OBJECTIVES

Increased focus on health care quality and safety has generally led to additional resident supervision by attending physicians. At our children’s hospital, residents place orders overnight that are not explicitly reviewed by attending physicians until morning rounds. We aimed to categorize the types of orders that are added or discontinued on morning rounds the morning after admission to a resident team and to understand the rationale for these order additions and discontinuations.

METHODS

We used our hospital’s data warehouse to generate a report of orders placed by residents overnight that were discontinued the next morning and orders that were added on rounds the morning after admission to a resident team from July 1, 2017 to June 29, 2018. Retrospective chart review was performed on included orders to determine the reason for order changes.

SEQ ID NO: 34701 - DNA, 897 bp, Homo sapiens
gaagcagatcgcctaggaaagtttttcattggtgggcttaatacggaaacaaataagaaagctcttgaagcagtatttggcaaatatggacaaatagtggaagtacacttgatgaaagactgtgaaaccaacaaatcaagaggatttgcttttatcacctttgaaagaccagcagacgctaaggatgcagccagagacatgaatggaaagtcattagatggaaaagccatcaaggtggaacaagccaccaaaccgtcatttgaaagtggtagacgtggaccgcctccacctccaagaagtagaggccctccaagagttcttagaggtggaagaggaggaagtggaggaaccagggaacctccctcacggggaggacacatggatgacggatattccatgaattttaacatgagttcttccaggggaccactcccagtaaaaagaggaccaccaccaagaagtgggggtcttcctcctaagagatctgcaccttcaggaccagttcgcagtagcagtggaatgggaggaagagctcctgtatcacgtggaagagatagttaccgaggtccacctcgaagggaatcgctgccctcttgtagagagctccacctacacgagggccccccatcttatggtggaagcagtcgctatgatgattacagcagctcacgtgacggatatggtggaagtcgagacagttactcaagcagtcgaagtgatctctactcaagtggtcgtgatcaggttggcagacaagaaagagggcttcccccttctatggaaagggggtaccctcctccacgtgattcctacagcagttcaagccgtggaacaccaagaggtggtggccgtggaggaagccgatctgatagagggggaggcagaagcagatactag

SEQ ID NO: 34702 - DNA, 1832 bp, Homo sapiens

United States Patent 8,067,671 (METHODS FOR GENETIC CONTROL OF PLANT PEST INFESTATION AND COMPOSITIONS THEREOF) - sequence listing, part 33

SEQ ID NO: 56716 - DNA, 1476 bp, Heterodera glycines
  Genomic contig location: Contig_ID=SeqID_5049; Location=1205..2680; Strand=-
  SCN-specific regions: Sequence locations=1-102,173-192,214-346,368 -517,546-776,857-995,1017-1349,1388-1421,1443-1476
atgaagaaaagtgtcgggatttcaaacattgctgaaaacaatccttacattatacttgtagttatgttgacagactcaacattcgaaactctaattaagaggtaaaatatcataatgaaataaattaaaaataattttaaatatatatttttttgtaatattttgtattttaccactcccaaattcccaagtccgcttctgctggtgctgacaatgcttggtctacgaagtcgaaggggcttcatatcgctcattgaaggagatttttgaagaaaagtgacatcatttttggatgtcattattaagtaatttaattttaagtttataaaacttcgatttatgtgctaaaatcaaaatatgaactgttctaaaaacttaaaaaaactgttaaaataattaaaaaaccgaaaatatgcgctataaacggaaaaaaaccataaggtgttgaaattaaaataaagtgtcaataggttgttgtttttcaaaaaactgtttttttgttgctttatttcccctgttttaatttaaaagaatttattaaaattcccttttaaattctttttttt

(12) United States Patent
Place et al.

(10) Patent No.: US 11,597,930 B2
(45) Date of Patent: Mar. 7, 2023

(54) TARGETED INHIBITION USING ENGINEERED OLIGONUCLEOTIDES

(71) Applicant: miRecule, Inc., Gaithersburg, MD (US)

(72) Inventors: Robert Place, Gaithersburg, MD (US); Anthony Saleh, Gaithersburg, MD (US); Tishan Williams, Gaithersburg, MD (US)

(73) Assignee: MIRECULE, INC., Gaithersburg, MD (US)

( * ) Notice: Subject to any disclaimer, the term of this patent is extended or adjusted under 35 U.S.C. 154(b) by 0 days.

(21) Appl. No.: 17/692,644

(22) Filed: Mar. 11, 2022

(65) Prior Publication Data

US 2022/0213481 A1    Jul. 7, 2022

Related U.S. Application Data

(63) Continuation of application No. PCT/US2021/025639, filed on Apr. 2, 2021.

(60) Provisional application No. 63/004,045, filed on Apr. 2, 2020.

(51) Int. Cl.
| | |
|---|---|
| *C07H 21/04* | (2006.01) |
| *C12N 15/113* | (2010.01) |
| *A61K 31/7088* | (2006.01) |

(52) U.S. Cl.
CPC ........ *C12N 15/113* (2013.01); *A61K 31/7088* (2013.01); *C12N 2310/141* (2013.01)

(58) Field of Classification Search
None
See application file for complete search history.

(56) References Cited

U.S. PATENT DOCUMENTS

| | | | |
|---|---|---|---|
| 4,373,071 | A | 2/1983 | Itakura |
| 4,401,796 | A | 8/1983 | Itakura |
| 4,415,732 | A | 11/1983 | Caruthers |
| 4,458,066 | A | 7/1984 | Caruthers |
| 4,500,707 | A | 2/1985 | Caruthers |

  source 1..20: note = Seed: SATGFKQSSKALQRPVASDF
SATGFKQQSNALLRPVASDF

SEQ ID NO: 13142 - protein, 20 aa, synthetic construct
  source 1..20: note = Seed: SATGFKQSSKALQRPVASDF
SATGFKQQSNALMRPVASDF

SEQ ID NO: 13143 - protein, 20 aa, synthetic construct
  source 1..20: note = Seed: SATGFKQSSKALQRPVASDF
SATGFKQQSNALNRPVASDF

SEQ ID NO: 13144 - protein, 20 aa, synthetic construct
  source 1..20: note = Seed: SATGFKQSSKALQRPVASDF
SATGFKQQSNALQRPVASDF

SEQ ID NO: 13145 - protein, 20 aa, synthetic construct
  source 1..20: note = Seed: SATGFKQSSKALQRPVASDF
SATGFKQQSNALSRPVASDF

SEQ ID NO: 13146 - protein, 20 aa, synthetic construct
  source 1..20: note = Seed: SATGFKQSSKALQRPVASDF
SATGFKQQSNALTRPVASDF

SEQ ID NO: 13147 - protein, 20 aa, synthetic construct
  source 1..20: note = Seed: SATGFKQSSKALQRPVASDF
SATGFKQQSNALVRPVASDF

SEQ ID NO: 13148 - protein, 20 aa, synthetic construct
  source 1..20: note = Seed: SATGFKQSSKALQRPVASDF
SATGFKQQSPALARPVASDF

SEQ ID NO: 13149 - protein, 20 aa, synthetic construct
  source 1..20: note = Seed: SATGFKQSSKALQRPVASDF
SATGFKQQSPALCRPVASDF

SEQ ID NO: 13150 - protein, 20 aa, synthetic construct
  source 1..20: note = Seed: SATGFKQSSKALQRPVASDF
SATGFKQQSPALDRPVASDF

RESULTS

Our report identified 5927 orders; 538 were included for analysis after exclusion of duplicate orders, administrative orders, and orders for patients admitted to non-Pediatric Hospital Medicine services. The reason for order discontinuation or addition was medical decision-making (n = 357, 66.4%), change in patient trajectory (n = 151, 28.1%), and medical error (n = 30, 5.6%). Medical errors were most commonly related to medications (n = 24, 80%) and errors of omission (n = 19, 63%).

CONCLUSIONS

New or discontinued orders commonly resulted from evolving patient management decisions or changes in patient trajectory; medical errors represented a small subset of identified orders. Medical errors were often errors of omission, suggesting an area to direct future safety initiatives.

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